Thursday, 28 June 2018

Book Review: The Death of Mrs Westaway by Ruth Ware

The Death of Mrs Westaway was a delicious read.

Twenty-one year old Harriet (“Hal”) Westaway is on her uppers - barely scratching a living by reading tarot cards in a kiosk on Brighton pier, and heavily in debt to loan sharks. Undoubtedly, Hal’s situation is dire and since the unexpected death of her beloved mother, she has no one to fall back on. When she receives a letter from a solicitor advising of a bequest from her deceased grandmother, it should seem heaven sent -  except for the fact that Hal knows the lady in question can’t possibly be her grandmother. But the wolf is not only at but inside the door and Hal is all out of options, so she uses the last of her money to travel to Cornwall - to Trepassen, the country house of the late Mrs Westaway.a

Hal has no idea what to expect, but what she finds is still a surprise. Trepassen is a chilly Gothic pile complete with creepy housekeeper - and not everyone is pleased to see her. Hal herself, all too aware of her own deception and feeling she has no right to be there at all, is just hoping her skills as a “cold reader”, honed in her kiosk on the pier, will see her through. The late Mrs Westaway still looms large over her family, and in the wake of her death, secrets, lies and dangers will be uncovered...

I’ve enjoyed all of Ruth Ware’s books but I think this is her best yet - the plot is intriguing and the character of Hal very engaging. It’s easy to sympathise with the situation in which she finds herself at the beginning, and all her actions and reactions seem credible.

A very enjoyable read with the tarot reading element, while not integral to the plot, adding an unusual and intriguing additional dimension.

Thanks to the publishers and NetGalley for the opportunity to read and review!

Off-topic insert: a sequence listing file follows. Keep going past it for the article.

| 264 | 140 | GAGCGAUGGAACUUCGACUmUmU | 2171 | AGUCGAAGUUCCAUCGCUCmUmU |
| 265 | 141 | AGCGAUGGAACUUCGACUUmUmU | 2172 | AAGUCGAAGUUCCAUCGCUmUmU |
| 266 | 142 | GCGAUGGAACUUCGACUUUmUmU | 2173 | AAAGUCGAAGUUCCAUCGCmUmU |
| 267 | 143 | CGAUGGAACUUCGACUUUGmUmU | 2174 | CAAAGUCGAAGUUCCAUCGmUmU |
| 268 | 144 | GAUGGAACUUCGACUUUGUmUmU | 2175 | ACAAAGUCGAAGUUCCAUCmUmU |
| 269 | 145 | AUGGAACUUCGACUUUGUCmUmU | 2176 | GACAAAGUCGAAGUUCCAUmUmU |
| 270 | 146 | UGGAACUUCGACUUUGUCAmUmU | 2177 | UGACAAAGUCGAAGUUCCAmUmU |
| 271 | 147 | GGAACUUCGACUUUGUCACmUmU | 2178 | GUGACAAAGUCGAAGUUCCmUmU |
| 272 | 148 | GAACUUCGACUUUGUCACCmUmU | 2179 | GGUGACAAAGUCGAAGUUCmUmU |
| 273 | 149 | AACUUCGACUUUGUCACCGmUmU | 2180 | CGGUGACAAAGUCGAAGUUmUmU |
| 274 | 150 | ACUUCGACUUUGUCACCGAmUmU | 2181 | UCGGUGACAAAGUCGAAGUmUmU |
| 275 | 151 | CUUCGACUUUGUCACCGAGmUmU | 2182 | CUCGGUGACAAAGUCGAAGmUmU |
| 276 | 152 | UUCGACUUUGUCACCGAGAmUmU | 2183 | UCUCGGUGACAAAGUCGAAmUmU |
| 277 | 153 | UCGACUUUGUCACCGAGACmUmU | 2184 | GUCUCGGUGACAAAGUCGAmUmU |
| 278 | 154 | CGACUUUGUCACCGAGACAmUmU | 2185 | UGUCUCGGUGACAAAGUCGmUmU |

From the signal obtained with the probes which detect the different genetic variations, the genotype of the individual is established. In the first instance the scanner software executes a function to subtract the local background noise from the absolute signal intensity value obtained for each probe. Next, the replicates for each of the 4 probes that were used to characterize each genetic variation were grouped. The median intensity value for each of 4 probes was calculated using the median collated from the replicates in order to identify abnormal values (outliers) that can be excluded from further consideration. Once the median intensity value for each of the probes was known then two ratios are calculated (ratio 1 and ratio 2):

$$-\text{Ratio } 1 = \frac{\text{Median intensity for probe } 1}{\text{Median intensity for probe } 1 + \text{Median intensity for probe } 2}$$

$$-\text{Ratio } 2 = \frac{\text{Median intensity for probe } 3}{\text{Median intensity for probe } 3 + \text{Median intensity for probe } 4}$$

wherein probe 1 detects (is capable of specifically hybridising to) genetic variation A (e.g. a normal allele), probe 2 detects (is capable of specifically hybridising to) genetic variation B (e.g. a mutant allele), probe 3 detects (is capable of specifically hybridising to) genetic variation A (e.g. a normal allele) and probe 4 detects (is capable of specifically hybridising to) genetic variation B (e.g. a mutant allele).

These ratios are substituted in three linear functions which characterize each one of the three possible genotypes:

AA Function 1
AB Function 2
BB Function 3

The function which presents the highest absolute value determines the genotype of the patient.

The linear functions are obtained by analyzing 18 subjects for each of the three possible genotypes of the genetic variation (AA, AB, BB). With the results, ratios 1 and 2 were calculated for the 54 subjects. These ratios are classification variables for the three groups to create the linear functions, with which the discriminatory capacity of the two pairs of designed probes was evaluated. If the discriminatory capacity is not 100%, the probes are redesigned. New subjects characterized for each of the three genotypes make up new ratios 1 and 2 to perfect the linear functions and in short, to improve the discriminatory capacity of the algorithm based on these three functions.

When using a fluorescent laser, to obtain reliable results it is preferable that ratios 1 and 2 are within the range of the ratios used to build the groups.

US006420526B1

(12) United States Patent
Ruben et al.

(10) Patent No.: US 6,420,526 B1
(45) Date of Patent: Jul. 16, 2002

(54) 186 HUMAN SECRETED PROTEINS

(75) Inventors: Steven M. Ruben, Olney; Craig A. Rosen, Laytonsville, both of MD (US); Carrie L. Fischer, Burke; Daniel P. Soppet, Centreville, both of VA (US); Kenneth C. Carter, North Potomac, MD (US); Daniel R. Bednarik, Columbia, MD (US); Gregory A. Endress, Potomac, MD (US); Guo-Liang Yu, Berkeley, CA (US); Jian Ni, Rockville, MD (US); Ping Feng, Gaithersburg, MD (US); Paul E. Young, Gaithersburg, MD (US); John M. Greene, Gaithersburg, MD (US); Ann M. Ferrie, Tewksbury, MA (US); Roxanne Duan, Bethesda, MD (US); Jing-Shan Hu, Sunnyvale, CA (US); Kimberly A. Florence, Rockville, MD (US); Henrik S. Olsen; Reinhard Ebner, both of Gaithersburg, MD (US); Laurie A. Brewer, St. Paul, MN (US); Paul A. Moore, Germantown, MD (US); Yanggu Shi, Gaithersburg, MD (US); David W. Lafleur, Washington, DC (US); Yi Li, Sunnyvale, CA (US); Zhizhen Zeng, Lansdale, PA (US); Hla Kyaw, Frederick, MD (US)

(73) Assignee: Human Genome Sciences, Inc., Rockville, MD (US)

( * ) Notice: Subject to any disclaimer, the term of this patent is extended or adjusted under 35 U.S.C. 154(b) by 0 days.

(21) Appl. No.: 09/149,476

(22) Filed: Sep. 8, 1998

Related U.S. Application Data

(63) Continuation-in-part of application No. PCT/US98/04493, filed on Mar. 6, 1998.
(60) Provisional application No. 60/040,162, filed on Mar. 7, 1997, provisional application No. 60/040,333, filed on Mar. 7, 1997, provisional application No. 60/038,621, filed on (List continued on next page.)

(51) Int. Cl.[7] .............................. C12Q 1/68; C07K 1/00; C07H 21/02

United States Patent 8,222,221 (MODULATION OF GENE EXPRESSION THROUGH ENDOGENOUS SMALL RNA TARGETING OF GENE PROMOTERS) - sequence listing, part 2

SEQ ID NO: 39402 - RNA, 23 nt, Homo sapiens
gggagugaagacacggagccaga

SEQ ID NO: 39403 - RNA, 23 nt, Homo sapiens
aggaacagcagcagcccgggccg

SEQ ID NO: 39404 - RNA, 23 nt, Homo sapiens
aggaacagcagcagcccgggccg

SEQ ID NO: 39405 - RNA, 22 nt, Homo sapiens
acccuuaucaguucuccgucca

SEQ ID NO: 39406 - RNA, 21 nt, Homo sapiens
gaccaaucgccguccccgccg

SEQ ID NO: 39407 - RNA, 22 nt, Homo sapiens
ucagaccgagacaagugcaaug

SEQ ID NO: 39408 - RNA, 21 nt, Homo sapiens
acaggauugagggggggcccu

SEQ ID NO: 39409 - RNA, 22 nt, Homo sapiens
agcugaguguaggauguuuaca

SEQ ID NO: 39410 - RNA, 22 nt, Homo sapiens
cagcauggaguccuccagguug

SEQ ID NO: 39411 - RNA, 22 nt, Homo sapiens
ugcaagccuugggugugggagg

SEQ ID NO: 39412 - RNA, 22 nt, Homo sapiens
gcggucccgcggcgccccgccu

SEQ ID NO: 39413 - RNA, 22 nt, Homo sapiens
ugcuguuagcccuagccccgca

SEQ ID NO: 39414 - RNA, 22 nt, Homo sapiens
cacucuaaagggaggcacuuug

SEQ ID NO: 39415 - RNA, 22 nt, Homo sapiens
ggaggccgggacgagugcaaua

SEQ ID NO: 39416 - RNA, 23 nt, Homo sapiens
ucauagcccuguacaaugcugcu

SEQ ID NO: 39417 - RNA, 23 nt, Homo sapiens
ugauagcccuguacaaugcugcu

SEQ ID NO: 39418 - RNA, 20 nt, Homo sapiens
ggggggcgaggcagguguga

Saturday, 9 June 2018

Everything About You by Heather Child: Review

For Freya, a young woman in her early twenties living in a near-future London, life isn’t going that well - her flatmate/ex-boyfriend has all but disappeared into an alarming world of virtual porn, and her job at a furniture store has been largely replaced by a hologram. And she’s still haunted by the disappearance - and presumed death - eight years earlier of her foster sister, Ruby.

When Freya acquires a smartface - a virtual assistant which can take on the personality of a real person, using their freely available data - she is shocked to find it “becoming” her lost sister. But as the smartface seems to know things about Ruby which it really shouldn’t, Freya becomes convinced her sister is still alive somewhere.

Freya’s search for Ruby - or at least some answers about what has happened to her - takes her deep into a frightening virtual world, then off grid entirely...

Where Everything About You really triumphs is in its careful depiction of a fully realised near-future world where smart tech pervades every aspect of life and everyone’s data is constantly mined - often by those with their own agendas. It really doesn’t seem far away at all,  does it? It’s impressively detailed, down to the small things (haptic suits, digital wallpaper and pizza delivery drones).

The date isn’t given, though there are clues (Prince George is apparently at Cambridge - so it’s likely about fifteen years in our future).

I loved this book, which is inventive, exciting and alarmingly plausible. Highly recommended!